Antelsat, the fourth satellite to be deployed from UniSat-6, will be Uruguay’s first spacecraft. It is a two-unit CubeSat, which will be used for amateur radio, Earth observation and to advance Uruguayan satellite technology.
In addition to the CubeSats aboard UniSat-6, twenty-one more will be deployed from the Dnepr itself.
DTUSat-2 is a Danish satellite being launched for the Danmarks Tekniske Universitet. It will be used to aid studies of bird migration by relaying data from GPS trackers attached to the birds. Duchifat-1 is a single-unit CubeSat which will be operated by Israel’s Herzliya Science Centre.
The spacecraft has served as an educational project and once in orbit will be used to test location determination, with the satellite returning data on its calculated position to be plotted onto maps on the ground.
Eleven Flock-1c spacecraft will be launched for Planet Labs’ Flock constellation. Earth imaging spacecraft, each three-unit CubeSat is equipped with cameras capable of producing photographs at resolutions of up to three metres.
Following four technology demonstration missions using Dove satellites, the first twenty-eight Flock-1 spacecraft were carried into orbit by January’s Cygnus mission, for subsequent deployment from the ISS. Twenty-eight more satellites will be launched aboard the next Cygnus mission, currently scheduled for July.
NanoSatC-Br 1, a single-unit Brazilian spacecraft, is based on a kit purchased from ISIS. The spacecraft carries a magnetometer to study the South Atlantic Anomaly, an area where the Van Allen belts are unusually close to the Earth’s surface exposing satellites to greater radiation levels than would otherwise be expected at those altitudes.
The Platform for Attitude Control Experiments (PACE) CubeSat will be used by Taiwan’s National Cheng Kung University to test an attitude control system, returning data on how the satellite’s orientation changes as it attempts to manoeuvre. By studying its performance, the satellite’s operators hope to be able to develop better attitude control systems for small satellites.
Perseus-M 1 and 2 are the first six-unit CubeSats to launch, with dimensions of 30 by 20 by 10 centimetres (12 by 8 by 4 in). The satellites will be operated by Russia’s Dauria Aerospace, having been constructed by Dauria’s American subsidiary Canopus Systems. Each spacecraft carries an AIS receiver intended to collect data on the position and status of ships at sea.
Ukraine’s PolyITAN-1 will be operated by the country’s National Technical University. It is intended to demonstrate that Ukraine can conduct a CubeSat mission and study the performance of the satellite’s single-unit bus in orbit. POPSAT-HIP-1 will test attitude control and imaging systems for Singapore’s Microspace Limited. It is a three-unit CubeSat.
The last two CubeSats, QB50P1 and QB50P2, form part of the QB50 programme which aims to launch and operate a constellation of fifty small satellites for scientific research. These two demonstration satellites will be operated by Belgium’s von Karman Institute with contributions from other institutions.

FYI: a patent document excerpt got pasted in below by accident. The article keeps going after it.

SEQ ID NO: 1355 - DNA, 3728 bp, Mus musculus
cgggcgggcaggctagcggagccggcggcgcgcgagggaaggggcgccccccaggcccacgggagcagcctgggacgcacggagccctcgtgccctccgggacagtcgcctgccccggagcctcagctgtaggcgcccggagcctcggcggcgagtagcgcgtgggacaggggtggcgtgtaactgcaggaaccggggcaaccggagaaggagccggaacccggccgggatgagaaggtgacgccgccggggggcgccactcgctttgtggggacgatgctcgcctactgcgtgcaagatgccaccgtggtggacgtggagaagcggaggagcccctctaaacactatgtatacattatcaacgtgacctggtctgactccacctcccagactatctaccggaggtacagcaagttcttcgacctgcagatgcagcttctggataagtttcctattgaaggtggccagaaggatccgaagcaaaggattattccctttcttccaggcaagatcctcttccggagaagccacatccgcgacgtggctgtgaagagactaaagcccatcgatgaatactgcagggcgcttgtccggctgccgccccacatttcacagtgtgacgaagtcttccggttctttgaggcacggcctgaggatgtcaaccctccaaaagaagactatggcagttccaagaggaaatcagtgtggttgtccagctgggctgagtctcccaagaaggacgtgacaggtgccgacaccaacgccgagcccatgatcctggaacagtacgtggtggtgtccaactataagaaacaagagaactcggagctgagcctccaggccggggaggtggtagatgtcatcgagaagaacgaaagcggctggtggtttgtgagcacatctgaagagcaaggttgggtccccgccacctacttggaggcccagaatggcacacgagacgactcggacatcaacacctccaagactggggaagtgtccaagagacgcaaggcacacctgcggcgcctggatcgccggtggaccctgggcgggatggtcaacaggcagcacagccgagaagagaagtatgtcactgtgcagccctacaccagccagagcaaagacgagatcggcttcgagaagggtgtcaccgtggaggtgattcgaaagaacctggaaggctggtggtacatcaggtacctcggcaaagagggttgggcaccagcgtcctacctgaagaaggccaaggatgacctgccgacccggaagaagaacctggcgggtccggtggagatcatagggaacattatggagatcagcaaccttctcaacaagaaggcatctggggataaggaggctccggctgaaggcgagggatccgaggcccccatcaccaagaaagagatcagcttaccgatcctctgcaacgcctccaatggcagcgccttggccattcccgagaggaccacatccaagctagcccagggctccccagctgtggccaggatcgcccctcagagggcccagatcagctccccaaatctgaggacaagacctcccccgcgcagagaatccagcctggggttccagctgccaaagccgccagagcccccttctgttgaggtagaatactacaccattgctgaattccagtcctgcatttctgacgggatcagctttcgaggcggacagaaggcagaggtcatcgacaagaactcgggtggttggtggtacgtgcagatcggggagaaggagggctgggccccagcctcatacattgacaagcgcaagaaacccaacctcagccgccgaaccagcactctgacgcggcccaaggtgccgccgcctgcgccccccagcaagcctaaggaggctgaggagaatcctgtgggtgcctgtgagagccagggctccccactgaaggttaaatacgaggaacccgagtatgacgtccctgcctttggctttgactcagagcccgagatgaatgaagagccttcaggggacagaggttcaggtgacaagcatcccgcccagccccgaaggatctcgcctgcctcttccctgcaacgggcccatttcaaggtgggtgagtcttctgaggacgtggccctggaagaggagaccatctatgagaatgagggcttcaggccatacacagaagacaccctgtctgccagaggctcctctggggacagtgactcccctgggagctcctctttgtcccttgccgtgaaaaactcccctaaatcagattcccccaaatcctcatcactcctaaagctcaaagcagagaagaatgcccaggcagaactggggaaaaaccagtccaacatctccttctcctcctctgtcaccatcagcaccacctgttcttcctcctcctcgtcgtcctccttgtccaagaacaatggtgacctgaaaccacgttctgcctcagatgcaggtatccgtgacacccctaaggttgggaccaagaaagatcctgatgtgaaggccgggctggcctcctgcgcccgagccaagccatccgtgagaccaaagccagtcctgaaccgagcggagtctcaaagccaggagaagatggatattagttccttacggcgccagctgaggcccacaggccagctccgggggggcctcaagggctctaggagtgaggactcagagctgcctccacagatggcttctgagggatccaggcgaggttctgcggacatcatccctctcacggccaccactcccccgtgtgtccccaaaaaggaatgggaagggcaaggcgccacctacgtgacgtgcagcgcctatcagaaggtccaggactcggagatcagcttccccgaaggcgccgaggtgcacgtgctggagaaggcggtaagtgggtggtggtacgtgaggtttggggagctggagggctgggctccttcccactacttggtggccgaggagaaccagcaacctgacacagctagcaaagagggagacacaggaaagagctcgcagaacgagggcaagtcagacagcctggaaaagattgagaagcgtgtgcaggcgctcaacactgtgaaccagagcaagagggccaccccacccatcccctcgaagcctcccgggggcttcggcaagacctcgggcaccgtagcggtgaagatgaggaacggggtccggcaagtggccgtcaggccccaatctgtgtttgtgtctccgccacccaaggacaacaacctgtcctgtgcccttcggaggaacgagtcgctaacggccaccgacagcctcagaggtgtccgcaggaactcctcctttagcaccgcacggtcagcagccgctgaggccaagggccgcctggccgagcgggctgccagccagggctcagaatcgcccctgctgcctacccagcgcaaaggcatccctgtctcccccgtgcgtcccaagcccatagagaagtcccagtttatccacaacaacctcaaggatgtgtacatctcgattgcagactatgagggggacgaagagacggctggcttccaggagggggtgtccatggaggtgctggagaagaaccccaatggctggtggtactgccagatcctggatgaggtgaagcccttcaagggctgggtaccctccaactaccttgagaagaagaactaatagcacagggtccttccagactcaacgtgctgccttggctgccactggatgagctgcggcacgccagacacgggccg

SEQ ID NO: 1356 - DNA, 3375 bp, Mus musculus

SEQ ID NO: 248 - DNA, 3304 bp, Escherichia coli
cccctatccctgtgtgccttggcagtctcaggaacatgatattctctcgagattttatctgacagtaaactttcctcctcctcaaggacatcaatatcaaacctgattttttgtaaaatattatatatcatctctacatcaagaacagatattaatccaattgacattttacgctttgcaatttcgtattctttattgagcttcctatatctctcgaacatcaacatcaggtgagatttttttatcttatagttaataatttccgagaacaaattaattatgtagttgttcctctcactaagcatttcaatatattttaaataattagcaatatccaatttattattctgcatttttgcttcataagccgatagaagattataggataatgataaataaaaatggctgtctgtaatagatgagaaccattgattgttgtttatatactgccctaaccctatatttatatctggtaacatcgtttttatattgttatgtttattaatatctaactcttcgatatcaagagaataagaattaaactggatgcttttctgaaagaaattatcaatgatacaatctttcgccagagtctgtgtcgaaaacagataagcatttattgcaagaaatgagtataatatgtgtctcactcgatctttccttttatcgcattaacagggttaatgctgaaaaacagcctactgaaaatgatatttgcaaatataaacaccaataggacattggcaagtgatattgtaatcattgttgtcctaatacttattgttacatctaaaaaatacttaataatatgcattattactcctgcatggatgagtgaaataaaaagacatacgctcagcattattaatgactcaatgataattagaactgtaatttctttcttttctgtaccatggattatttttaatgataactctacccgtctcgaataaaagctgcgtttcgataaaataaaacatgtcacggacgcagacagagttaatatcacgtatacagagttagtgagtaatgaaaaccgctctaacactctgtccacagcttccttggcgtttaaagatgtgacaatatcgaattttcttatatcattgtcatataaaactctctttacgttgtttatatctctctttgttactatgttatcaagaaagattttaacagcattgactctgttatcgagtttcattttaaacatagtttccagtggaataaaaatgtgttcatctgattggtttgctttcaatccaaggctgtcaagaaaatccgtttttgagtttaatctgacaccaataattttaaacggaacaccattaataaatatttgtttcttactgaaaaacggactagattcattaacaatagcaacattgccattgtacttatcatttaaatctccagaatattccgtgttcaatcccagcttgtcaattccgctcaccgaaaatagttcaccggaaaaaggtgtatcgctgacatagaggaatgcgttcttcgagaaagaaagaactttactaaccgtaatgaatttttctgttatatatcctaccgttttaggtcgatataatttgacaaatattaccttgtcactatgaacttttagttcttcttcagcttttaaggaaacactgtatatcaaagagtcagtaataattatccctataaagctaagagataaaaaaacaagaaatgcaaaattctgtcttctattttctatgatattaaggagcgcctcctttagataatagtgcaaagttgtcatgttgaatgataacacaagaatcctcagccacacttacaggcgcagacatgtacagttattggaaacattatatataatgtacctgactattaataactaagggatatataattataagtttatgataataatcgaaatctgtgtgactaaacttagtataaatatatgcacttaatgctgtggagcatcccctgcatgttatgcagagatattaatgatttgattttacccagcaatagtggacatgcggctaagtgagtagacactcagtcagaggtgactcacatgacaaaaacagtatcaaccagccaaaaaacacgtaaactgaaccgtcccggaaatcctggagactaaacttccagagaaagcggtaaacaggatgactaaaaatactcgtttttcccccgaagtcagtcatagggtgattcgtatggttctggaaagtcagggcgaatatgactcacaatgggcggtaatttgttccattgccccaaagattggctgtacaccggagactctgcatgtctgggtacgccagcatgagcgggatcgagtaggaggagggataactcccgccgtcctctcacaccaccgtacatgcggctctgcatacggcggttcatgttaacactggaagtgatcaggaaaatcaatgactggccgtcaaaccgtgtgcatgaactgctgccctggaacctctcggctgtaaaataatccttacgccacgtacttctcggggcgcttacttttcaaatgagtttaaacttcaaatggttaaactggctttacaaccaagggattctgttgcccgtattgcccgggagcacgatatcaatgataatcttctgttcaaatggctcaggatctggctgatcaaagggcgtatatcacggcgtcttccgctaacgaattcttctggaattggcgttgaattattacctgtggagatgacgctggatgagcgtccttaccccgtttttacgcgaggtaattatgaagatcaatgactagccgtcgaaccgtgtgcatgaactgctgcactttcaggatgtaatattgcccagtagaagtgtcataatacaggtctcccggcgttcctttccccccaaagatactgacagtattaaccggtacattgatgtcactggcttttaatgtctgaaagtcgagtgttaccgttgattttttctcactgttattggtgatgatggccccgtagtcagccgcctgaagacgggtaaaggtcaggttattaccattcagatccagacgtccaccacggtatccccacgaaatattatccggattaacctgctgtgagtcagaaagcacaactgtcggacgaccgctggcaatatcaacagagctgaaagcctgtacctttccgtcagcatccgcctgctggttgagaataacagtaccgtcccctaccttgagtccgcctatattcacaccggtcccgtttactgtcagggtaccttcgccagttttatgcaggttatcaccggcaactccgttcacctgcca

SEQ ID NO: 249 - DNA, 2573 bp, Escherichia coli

QB50P1 carries an Ion and Neutral Mass Spectrometer, an attitude control experiment, a thermocouple to monitor the spacecraft’s temperature and FUNCube-3, an amateur radio payload for the Dutch branch of AMSAT. QB50P2 carries the same attitude control system and thermocouple, combining them with a French amateur radio system and the FIPEX experiment for the Technical University of Dresden, which will study the oxygen flux in the satellite’s environment.
Converted from the R-36 missile, the Dnepr is a three-stage rocket which incorporates the two stages of the R-36MUTTH, with the missile’s post-boost module converted to act as a third stage and satellite dispenser.
The R-36 originally served as an intercontinental ballistic missile capable of delivering an 18 megaton nuclear warhead, although later versions were equipped to carry up to ten Multiple Independently-Targetable Reentry Vehicles (MIRVs), each armed with a nuclear device.
Another variant, the R-36O, was designed to place its warhead into orbit, and then deorbit it onto a target anywhere in the world.
This was subsequently banned under an international treaty in 1979.
The Dnepr made its first launch in April 1999, when it deployed Britain’s UoSAT-12. Among the other payloads it has launched on previous missions are the two Genesis demonstrators for Bigelow Aerospace.
Launched in 2006 and 2007, these prototype inflatable space station modules paved the way for the work Bigelow is now doing on inflatable space habitats and an experimental module for the International Space Station.
Friday’s launch marked the Dnepr’s twentieth flight, with only one of its previous missions ending in failure. That came in July 2006, when a first stage hydraulic failure brought down a cluster launch which had been carrying eighteen satellites.
The Dnepr launched from a silo at Site 370/13 of Russia’s Dombarovsky launch site. The first stage did not ignite until the missile is clear of the silo, with ejection being accomplished by means of a gas generator at the aft of the vehicle which separated shortly after ejection is complete.
The first stage was powered by four RD-263 engines, while an RD-0255 powers the second stage and an RD-869 powered the third. The payloads were enclosed within a Gas Dynamic Shield, which protected them from the exhaust of the third stage, in addition to a regular payload fairing.
This shielding is necessary because, due to its missile heritage, the third stage flies backwards with the payloads mounted on the same side as its engine nozzles.
Spacecraft separation occurred while the stage was still firing, with the satellites ejecting from the back of the rocket. Once separation was complete, the stage continued to burn to remove itself from the operational orbit.
The Dnepr launch was the thirty-fourth orbital launch of 2014, and the first to make use of a Dnepr. The Dnepr’s next launch is scheduled for no earlier than August, with five satellites including Japan’s Hodoyoshi-1 and Asnaro-1.
Russia’s next launch, in early July, will see a Proton-M orbit a Luch communications satellite. This will be a return-to-flight mission for the Proton, which suffered its ninth failure in ten years in May.